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What do you think of the new iPhones allowing digital aperture adjustments after the photo's taken? 🤔 

63%
10 deviants said It's neat and the future of photography!
38%
6 deviants said It's blasphemous. :stare:

Devious Comments

:iconqueen-kitty:
Queen-Kitty Featured By Owner 3 days ago   Photographer
I voted for "it's blasphemous!" but only because it made me giggle :giggle: It doesn't undermine me in any way, and I'd rather people have artistic tools available! However, I think artificial shallow depth of field still has a little bit to go before it looks realistic. My dad sent me a photo the other day that he wanted to print taken with portrait mode on his iPhone X, and there were a couple of areas of the background that it didn't quite catch and the blur wasn't quite right on the edges of the subjects (still impressive nonetheless). 
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:iconbrennennn:
brennennn Featured By Owner 2 days ago
Yeah I think that's the main concern or complaint I've read about it, the fact that it's not exactly comparable to the "real thing." Technology is crazy and can do some wonderful things but I guess mechanical skills are still superior in the photography game!
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:icontanyasimonesimpson:
TanyaSimoneSimpson Featured By Owner Sep 13, 2018
Yay! Bring all the awesome photo taking and processing tools to as many people as possible on as many devices as possible to everyone can create more cool stuff that makes them happy. Also, I love that stuff like this really pisses off the "photography is only for special people with big expensive cameras" people, so I support it for that even though I don't have an iPhone :D
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:iconbrennennn:
brennennn Featured By Owner 6 days ago
I like the idea that there could be new ways to be creative photographically with the nicer cameras in phones. I can see how purists would be upset that their work (that no doubt is more technical) might be compared to a similar photo taken on a phone where all the photographer had to do was slide a bar to get the desired effect, though.
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:icontanyasimonesimpson:
TanyaSimoneSimpson Featured By Owner 5 days ago
That's exactly the kind of disruption I live for. If people's self-esteem, or esteem in relation to their work, rests so heavily on stuff like that, maybe a bit of shaking up is a good thing. New technology doesn't diminish anyone's education, skill or experience. It doesn't make anyone better able to run a business, market their work or gain or keep clients. It definitely doesn't define an artist's unique vision. It just makes creativity more accessible to more people, which I love. But then I'm a "publish your own books, make your own magazines, put your creations out there however the hell you want without needing anyone's validation or permission" kind of person, which isn't everyone's approach to life :aww:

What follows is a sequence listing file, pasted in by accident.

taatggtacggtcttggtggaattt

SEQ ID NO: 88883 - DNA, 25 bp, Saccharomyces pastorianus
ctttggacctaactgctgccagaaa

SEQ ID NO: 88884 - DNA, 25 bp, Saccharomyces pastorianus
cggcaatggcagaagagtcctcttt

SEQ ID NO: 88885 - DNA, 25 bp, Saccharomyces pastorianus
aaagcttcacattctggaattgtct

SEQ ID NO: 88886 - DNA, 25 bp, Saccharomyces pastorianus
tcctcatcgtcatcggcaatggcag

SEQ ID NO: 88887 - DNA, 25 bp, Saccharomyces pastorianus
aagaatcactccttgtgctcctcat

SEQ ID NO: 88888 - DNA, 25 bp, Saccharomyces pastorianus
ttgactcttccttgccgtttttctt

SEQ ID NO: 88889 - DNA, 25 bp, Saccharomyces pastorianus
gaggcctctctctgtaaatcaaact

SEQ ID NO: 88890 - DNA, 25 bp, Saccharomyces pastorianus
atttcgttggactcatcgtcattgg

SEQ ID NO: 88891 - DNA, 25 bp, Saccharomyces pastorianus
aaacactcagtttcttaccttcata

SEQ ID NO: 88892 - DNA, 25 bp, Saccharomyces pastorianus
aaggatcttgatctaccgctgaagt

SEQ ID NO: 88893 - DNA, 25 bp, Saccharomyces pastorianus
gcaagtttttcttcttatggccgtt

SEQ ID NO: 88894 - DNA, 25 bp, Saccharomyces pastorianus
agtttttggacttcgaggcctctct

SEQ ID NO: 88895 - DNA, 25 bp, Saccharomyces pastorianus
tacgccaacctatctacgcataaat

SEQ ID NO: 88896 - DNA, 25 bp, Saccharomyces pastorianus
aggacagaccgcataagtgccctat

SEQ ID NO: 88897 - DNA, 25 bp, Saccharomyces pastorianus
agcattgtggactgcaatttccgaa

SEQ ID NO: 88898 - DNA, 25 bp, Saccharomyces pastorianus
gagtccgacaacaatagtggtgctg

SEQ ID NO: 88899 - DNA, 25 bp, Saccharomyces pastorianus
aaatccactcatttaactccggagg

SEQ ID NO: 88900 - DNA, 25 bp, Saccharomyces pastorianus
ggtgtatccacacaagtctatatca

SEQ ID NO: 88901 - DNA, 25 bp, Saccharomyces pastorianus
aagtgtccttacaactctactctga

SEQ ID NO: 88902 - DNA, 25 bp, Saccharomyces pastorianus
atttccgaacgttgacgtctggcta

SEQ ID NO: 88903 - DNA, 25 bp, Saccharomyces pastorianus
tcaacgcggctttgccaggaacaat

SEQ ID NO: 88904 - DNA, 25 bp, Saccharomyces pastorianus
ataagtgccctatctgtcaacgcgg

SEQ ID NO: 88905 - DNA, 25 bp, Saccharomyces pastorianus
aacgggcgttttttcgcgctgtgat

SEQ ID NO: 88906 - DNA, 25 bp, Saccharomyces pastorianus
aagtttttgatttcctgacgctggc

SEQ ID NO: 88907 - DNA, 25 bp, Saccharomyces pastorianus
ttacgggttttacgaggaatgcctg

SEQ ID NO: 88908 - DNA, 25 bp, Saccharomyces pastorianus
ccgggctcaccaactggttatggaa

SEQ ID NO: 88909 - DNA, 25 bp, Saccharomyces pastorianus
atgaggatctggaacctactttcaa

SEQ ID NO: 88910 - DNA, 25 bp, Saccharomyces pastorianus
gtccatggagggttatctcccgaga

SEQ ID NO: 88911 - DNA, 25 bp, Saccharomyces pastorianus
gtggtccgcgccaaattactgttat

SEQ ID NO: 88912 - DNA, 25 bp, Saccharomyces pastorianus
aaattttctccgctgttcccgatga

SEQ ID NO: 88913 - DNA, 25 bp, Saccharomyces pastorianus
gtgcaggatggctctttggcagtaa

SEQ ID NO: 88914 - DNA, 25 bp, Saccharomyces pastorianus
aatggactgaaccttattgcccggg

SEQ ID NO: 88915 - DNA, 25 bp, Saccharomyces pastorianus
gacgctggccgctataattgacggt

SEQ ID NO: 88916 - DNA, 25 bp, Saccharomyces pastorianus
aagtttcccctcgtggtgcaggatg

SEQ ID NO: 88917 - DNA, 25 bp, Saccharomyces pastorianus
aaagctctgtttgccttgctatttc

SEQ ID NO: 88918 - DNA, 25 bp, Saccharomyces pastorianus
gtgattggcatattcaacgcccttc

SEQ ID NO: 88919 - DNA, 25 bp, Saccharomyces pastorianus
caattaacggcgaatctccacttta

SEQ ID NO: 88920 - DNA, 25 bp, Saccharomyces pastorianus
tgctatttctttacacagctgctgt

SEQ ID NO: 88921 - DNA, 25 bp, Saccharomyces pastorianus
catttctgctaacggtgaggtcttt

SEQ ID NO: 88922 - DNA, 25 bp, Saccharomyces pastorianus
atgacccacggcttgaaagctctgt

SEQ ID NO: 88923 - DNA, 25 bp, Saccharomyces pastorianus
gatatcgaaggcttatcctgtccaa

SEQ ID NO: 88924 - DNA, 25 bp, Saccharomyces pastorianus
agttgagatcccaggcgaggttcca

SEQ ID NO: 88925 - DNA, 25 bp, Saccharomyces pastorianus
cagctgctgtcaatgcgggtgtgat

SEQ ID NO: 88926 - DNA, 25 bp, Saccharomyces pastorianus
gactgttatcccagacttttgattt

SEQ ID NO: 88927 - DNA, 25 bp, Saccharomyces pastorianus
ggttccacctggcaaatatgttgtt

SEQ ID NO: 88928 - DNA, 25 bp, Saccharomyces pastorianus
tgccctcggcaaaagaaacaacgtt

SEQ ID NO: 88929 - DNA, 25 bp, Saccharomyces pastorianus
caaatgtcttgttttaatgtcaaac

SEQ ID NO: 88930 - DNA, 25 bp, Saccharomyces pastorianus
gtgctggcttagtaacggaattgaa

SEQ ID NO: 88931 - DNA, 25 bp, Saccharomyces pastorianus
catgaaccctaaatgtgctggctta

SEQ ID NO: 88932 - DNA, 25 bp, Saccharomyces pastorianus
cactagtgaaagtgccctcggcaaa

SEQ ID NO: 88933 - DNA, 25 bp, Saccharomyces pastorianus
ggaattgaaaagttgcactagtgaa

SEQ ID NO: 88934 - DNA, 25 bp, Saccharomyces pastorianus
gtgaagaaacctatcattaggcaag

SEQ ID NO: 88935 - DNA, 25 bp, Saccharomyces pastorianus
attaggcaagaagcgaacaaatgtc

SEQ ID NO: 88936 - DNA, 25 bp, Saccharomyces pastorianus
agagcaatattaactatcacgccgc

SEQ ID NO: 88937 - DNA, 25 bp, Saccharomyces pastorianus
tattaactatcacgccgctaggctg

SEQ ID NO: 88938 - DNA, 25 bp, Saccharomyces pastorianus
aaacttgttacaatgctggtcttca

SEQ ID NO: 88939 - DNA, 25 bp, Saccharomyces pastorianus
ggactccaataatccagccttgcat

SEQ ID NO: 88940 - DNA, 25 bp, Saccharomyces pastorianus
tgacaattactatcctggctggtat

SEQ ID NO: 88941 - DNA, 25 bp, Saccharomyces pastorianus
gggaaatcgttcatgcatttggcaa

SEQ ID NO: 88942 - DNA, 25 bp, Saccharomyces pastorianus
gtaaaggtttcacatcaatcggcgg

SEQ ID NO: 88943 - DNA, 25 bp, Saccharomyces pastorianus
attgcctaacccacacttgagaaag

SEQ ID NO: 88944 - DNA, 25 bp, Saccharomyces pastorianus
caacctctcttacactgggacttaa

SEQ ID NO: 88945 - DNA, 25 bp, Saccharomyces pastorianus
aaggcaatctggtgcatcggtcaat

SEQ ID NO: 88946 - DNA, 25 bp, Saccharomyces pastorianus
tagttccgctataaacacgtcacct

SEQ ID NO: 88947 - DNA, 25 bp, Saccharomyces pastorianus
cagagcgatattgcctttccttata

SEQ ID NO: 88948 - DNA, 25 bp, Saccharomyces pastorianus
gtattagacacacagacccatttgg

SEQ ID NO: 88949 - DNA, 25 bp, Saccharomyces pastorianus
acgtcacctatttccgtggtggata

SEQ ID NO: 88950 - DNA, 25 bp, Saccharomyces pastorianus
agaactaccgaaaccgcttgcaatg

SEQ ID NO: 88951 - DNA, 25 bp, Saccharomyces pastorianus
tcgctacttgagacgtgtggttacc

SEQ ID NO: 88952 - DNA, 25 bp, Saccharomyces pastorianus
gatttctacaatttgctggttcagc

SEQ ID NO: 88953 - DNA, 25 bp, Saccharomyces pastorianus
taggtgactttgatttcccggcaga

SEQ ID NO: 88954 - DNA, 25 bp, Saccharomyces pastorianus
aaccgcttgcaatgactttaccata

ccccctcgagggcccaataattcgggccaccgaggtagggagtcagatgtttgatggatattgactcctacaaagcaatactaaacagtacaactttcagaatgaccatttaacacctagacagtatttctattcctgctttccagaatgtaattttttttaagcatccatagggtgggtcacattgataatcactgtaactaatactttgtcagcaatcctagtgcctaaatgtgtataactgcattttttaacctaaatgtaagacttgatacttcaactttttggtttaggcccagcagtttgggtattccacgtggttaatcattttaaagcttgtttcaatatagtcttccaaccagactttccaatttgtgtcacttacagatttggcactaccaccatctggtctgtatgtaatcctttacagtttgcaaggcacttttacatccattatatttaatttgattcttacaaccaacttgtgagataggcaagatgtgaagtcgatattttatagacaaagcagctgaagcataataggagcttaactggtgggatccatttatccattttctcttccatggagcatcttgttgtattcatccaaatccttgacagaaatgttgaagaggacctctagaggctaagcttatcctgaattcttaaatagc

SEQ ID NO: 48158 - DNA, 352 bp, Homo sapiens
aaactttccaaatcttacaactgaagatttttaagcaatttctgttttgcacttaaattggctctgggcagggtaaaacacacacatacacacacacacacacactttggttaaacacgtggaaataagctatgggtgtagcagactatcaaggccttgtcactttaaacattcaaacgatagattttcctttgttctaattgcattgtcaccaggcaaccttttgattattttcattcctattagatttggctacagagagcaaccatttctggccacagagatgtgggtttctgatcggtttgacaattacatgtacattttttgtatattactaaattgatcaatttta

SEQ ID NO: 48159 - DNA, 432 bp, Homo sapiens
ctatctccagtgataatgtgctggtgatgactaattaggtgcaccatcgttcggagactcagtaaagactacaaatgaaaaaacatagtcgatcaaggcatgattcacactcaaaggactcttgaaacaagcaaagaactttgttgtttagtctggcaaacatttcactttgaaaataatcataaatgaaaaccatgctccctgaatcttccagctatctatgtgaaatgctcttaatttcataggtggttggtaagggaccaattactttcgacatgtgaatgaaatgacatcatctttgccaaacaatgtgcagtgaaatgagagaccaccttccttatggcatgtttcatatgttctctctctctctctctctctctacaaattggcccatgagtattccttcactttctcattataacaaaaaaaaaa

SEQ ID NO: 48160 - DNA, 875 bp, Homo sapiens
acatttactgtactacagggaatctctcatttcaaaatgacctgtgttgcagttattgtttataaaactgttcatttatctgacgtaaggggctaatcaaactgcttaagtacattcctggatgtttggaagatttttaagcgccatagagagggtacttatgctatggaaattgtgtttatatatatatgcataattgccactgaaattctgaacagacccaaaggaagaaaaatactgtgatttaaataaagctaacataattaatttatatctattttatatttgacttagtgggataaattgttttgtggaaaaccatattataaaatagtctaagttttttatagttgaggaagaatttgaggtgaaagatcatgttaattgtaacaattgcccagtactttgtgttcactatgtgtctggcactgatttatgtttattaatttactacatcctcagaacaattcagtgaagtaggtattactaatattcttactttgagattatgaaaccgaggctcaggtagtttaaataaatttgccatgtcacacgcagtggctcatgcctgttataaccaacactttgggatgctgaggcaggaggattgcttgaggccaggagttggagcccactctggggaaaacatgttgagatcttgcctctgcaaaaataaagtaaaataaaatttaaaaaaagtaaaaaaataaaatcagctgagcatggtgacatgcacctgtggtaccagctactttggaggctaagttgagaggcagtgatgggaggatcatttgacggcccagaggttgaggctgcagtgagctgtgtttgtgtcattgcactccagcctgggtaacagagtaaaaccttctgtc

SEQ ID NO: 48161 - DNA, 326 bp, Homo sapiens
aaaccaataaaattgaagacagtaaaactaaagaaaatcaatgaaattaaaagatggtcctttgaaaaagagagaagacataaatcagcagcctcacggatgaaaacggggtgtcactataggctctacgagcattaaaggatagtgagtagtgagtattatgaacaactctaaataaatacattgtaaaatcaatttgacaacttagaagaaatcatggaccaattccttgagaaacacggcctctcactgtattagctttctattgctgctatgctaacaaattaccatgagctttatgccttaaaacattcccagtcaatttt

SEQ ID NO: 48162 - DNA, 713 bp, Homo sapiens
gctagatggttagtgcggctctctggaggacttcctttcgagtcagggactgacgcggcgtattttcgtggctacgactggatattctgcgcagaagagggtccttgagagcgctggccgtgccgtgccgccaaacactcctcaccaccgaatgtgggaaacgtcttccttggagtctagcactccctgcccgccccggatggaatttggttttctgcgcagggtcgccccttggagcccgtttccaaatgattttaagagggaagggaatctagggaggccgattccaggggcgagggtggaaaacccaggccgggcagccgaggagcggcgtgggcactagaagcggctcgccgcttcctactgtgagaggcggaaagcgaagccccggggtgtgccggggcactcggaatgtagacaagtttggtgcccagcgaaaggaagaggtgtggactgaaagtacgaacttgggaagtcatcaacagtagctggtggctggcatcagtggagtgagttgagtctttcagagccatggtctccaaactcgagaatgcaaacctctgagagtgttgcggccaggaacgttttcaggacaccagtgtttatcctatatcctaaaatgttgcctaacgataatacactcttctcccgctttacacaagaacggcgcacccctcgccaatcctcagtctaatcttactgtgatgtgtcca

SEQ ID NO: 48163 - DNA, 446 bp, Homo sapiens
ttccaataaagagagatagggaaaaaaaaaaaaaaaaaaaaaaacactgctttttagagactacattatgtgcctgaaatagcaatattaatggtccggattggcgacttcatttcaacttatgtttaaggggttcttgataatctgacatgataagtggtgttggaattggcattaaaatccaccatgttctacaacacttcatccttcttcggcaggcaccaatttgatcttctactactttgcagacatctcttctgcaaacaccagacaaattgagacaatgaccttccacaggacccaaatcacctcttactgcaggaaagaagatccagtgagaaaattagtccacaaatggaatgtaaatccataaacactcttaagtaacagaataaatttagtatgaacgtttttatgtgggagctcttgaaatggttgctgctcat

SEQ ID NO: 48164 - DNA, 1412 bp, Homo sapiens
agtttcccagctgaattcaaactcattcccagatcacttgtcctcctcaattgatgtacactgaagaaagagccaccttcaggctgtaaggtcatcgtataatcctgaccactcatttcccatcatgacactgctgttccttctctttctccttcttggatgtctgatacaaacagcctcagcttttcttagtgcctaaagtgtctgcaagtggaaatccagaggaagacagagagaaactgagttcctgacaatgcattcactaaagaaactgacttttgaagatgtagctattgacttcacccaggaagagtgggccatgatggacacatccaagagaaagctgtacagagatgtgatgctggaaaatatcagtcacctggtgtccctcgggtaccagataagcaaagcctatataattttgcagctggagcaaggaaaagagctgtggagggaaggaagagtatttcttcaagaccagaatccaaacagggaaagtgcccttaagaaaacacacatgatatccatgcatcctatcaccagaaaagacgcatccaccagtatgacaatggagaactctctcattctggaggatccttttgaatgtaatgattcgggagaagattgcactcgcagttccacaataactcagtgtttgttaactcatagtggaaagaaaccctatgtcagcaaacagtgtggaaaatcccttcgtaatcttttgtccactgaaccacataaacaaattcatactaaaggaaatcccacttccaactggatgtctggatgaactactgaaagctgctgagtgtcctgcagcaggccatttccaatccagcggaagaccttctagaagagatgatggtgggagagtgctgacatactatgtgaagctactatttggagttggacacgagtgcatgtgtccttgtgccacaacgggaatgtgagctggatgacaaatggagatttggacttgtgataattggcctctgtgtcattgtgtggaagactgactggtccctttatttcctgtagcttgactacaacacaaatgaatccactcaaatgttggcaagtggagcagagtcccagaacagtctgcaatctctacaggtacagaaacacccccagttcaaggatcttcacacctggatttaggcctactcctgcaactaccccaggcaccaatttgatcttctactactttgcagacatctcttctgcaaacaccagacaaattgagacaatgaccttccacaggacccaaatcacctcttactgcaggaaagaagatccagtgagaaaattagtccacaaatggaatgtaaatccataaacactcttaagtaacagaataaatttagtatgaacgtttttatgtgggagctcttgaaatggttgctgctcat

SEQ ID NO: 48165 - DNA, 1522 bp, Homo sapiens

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:iconthespook:
thespook Featured By Owner Sep 12, 2018
Seems that it's just giving you manual control over the old faux bokeh effect :shrug:

All this software driven photography is neat and all, but it's not as exciting as actual hardware improvements. So, I mean, it'd be goddamn magic if they'd squeezed a real light field camera in, but that's the sort of thing I'm looking forward to.


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:iconbrennennn:
brennennn Featured By Owner 6 days ago
Yeah they didn't even call it aperture in the presentation if I recall right, so maybe it isn't supposed to be compared to that. I want to try the new phone out to test it, but I'm a noob so it'd probably come out just as bad as if I were given a real camera. :B
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:iconthespook:
thespook Featured By Owner 5 days ago
aww hey. Big fancy cameras can still be point and shoot affairs - it's not a skill thing exactly. It's that the technique to emulate depth of field on phones is still kinda clumsy. It's good enough most of the time, but when it borks up it gives the image this uncanny valley kinda feel.

I'm curious to see if Apple have made actual improvements to it under the hood aside from adding this slider. Last I read, Google's Pixel 2 handled portrait mode more accurately, and it only has one camera to work with.
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